Some of the poorest people in the world have the answer – the key to a satisfying life – while many of the rich (including the middle class) drown themselves in distraction, alcohol, or drugs because they can’t find it.
It levels the playing field when you realize that materialistic items have no bearing on the capacity to appreciate life and be happy. Do you pity the poor, happy family in Africa or should they pity you?
Contentment is the answer. It is not thought of nearly enough – especially in modern materialistic society.
Simply being content is the holy grail of life satisfaction – the only answer. There is no amount of money that can fully satisfy. No amount of sex. No amount of power or fame. Those are empty on their own.
You’ll never be completely satisfied until you are.
It’s nothing more than a choice. I’d say the only prerequisite to being content is to love and be loved. I guess that’s why they say “all we need is love.” That must be why I’ve heard many friends say that the people they’ve met in third world countries are happier than the rich world – all they have is love and anything extra is a bonus.
In America, we seem to have all of the bonuses but lack the essentials of thankfulness, love, and contentment.
Once you accept your current position in life with positivity – not only will you be happier, but you’ll actually be much better equipped to reach some of those nicer things like money, fame, and hot tubs. These things are fine to have and enjoy – but we don’t need them to be happy and content.
Does Contentment = Stagnancy?
Contentment can sometimes be confused with stagnancy. The thought goes, “if you’re content where you are, why change anything?”
Fortunately, there is a miscalculation there. Can you see it?
Think about the mindset of a content person. Is it boredom? Is it laziness? No no no! A content person is full of passion. A content person enjoys life and naturally pursues its treasures!
Now, what is the mindset of a discontent person? Is it excitement? Is it vigor for life? No no no! A discontent person sulks and wishes for a better life. He may try to change his situation, but if his discontentment is underlying and chronic, it will never end. He will continue to chase Jeff Gordon around the track until he dies (because Jeff Gordon is a better driver).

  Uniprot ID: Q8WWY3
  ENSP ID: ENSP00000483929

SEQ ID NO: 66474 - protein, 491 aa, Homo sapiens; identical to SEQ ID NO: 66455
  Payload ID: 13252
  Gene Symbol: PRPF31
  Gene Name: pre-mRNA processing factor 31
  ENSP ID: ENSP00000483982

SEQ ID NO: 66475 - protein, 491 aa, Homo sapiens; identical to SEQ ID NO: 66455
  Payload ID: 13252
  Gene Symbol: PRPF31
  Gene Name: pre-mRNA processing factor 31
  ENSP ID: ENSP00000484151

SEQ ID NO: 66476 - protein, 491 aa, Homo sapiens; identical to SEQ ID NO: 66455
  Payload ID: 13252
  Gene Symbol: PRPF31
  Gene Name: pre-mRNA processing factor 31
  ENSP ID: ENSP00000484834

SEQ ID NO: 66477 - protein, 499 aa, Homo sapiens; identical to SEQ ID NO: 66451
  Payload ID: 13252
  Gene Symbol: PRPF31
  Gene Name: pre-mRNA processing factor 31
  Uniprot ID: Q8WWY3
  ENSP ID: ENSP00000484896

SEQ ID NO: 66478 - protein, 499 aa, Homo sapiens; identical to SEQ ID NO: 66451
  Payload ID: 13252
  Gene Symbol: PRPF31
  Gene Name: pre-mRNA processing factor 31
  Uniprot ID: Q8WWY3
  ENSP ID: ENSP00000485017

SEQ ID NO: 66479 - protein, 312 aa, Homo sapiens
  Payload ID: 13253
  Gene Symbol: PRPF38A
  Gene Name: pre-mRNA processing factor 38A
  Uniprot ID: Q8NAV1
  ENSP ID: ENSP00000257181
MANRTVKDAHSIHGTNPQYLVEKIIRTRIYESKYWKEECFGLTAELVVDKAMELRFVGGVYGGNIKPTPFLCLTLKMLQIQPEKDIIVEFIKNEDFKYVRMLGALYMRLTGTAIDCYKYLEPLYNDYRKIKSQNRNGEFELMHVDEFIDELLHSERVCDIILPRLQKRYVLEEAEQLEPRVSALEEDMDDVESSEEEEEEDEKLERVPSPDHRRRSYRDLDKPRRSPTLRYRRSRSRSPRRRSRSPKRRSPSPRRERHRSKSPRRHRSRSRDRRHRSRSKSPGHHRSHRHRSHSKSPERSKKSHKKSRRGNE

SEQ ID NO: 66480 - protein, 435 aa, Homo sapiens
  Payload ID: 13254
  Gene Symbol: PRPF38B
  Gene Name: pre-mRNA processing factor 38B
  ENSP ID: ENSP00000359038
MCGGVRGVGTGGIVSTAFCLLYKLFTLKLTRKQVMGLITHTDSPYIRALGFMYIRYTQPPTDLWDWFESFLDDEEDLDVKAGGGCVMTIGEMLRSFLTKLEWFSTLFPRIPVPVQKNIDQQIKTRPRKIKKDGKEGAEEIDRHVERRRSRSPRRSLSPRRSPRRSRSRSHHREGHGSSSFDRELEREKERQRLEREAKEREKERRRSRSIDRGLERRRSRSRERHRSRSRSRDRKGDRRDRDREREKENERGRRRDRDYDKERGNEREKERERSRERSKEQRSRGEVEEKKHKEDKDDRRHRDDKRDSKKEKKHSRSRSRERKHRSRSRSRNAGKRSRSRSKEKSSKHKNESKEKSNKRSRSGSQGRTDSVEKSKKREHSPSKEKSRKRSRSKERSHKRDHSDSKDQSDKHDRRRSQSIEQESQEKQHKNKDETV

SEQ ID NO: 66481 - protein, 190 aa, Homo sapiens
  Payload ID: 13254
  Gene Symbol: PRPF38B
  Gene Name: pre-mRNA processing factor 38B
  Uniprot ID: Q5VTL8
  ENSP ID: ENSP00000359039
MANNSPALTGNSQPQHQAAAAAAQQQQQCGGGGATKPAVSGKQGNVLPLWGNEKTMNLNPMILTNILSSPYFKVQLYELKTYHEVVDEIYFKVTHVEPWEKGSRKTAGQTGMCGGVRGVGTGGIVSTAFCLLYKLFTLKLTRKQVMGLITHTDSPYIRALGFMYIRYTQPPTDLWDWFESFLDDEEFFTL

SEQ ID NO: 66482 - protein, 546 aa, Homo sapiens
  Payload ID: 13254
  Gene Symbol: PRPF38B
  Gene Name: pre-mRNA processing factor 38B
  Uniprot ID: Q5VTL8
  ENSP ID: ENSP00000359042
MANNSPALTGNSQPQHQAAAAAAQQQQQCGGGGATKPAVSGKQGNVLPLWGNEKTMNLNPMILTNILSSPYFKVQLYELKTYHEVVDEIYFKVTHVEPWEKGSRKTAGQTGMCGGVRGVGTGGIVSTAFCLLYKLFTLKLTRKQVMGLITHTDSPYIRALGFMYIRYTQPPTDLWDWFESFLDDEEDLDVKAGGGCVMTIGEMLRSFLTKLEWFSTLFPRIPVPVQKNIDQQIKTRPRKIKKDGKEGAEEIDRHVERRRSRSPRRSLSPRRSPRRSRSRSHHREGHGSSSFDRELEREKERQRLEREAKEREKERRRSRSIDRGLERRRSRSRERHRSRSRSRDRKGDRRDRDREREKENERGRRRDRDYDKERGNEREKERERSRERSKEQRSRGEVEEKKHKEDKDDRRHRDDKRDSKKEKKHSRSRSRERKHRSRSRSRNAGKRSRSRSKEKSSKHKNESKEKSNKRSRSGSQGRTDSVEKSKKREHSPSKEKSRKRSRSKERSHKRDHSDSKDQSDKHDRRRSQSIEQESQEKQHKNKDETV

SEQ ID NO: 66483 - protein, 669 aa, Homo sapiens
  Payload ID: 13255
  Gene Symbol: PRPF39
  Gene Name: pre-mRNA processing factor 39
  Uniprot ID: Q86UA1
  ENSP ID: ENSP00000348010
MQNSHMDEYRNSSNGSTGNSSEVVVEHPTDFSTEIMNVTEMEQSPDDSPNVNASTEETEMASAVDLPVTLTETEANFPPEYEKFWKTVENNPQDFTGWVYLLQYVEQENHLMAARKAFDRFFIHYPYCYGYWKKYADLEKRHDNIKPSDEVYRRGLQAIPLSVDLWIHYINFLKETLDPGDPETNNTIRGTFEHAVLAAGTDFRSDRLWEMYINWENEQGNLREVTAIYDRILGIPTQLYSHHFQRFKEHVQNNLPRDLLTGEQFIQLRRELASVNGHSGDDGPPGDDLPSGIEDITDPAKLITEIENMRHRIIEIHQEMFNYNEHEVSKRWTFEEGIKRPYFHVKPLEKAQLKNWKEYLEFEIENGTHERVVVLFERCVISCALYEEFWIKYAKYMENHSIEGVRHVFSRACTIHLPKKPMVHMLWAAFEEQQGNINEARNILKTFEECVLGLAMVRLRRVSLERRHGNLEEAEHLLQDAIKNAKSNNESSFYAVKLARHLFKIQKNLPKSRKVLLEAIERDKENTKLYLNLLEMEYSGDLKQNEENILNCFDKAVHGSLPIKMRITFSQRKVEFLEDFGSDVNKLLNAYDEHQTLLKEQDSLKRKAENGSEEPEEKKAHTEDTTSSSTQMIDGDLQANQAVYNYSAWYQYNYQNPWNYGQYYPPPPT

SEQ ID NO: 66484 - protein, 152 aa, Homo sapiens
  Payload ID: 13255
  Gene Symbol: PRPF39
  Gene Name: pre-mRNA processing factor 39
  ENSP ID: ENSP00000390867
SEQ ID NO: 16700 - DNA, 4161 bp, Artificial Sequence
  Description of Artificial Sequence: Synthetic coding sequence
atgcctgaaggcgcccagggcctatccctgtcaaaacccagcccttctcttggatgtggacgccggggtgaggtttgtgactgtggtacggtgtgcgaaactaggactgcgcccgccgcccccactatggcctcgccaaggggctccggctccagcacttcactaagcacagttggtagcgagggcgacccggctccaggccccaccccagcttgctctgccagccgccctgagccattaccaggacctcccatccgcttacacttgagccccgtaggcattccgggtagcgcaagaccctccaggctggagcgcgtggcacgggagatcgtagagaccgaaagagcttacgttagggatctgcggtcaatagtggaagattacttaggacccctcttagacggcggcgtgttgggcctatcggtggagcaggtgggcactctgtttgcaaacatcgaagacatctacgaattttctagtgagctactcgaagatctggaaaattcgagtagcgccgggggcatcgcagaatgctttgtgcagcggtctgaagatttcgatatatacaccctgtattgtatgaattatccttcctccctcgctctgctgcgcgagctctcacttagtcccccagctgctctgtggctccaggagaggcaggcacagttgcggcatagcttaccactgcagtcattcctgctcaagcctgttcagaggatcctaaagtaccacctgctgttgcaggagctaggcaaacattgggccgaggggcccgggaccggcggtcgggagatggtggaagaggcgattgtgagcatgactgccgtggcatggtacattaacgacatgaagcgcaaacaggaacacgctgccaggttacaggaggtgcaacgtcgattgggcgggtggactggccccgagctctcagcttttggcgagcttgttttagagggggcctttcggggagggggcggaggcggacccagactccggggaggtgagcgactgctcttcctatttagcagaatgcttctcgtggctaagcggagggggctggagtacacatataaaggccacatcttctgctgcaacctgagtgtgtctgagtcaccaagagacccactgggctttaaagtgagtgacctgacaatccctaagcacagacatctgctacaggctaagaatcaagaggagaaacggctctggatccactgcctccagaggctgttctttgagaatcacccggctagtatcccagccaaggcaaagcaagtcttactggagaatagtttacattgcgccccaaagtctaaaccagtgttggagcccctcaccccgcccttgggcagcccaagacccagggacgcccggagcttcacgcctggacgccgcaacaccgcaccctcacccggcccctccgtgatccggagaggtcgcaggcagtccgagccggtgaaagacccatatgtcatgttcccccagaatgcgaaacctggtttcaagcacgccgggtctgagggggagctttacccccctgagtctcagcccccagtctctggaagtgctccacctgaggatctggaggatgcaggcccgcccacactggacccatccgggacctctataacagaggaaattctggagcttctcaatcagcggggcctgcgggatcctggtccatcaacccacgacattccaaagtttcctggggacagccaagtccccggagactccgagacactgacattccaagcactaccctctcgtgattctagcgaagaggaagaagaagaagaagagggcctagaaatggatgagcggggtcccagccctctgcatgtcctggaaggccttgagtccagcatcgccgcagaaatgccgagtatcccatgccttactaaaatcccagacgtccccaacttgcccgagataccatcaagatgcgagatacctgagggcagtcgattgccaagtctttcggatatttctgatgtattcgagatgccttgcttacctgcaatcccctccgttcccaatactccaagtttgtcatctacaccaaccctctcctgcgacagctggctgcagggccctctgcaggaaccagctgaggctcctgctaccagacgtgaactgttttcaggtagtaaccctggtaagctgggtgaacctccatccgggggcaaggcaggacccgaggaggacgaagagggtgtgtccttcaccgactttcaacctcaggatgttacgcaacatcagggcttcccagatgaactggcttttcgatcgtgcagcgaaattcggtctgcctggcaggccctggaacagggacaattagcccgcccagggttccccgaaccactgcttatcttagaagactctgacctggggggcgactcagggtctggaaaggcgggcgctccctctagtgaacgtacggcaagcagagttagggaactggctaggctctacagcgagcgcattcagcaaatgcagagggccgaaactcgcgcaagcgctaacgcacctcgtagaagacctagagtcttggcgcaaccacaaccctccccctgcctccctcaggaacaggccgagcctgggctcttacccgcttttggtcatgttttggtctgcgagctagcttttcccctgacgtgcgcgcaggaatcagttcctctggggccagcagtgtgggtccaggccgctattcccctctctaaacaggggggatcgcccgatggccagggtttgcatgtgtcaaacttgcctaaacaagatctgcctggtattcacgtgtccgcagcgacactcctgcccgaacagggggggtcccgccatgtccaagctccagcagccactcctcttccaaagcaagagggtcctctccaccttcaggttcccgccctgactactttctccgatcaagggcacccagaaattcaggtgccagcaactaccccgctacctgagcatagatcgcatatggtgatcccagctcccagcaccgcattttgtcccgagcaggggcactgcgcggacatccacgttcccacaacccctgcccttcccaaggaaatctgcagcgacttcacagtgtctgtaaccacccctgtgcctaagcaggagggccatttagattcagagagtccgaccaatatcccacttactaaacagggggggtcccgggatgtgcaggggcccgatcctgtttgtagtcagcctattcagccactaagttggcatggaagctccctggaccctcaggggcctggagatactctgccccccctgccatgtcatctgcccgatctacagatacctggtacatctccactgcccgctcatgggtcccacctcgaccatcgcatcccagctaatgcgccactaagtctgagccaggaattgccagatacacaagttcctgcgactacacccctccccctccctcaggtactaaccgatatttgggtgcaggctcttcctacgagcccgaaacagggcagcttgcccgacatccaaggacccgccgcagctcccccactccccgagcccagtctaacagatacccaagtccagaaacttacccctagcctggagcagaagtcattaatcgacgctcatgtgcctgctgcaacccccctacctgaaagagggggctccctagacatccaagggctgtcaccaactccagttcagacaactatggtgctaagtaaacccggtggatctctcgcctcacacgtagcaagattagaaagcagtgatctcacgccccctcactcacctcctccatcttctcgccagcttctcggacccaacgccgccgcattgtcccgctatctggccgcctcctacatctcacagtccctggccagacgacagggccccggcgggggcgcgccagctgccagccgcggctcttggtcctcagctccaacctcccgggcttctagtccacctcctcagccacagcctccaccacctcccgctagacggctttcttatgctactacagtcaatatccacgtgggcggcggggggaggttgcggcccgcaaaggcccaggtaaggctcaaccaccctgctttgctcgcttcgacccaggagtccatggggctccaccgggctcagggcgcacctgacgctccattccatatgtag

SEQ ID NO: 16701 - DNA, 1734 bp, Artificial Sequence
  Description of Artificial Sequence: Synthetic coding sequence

Here Are Two Myths, Buster
Myth One: A content person does not desire change and improvement.
For example, I can be content as a single man (I am close, if not there now), but still desire marriage (I sure do!). The myth comes from thinking that desires come from discontentment (i.e. I don’t like this, and thus I desire change). Actually, desires come from neither discontentment or contentment, but from our personalities and natural preferences.
You do not have to be displeased with something to want to change it. Instead of bad-to-good, it can be good-to-better!
A content individual will have desires greater in number and in diversity. Why? Because a discontent person is typically focused on his problems instead of the other options available.
It’s like having a broken boat.
The content individual recognizes the merits in walking or going bowling as alternatives while still maintaining interest in fixing the boat. But the discontent individual will be absolutely obsessed with fixing the boat. Once it is fixed, he will probably obsess over getting a newer boat.
A discontent man fails to enjoy what he has now.
Myth Two: Discontentment is 100% useless.
I don’t want to give the impression that we should see everything like Mr. Rogers. Sometimes we just don’t like our neighborhood. Discontentment with a bad situation is both healthy and prudent. If you’re in an abusive relationship, don’t accept that situation. Be very discontent.
The broad point I’m making is that chronic discontentment is a life sieve. If you’re safe with access to food, water, love, and shelter – you already have a lot of reasons to be content in the long term. People around the world are content with LESS than that.
It’s when we make 50k a year and feel like we need 60k and then we’ll be all set that we run into a vicious cycle of never-ending “if onlys.”
Recognize the goodness in your life now and be content. Everything can always get better, which presents exciting opportunities to improve. Pursue better things, but don’t do it because better is required. Do it because better is better!
Let good be good enough.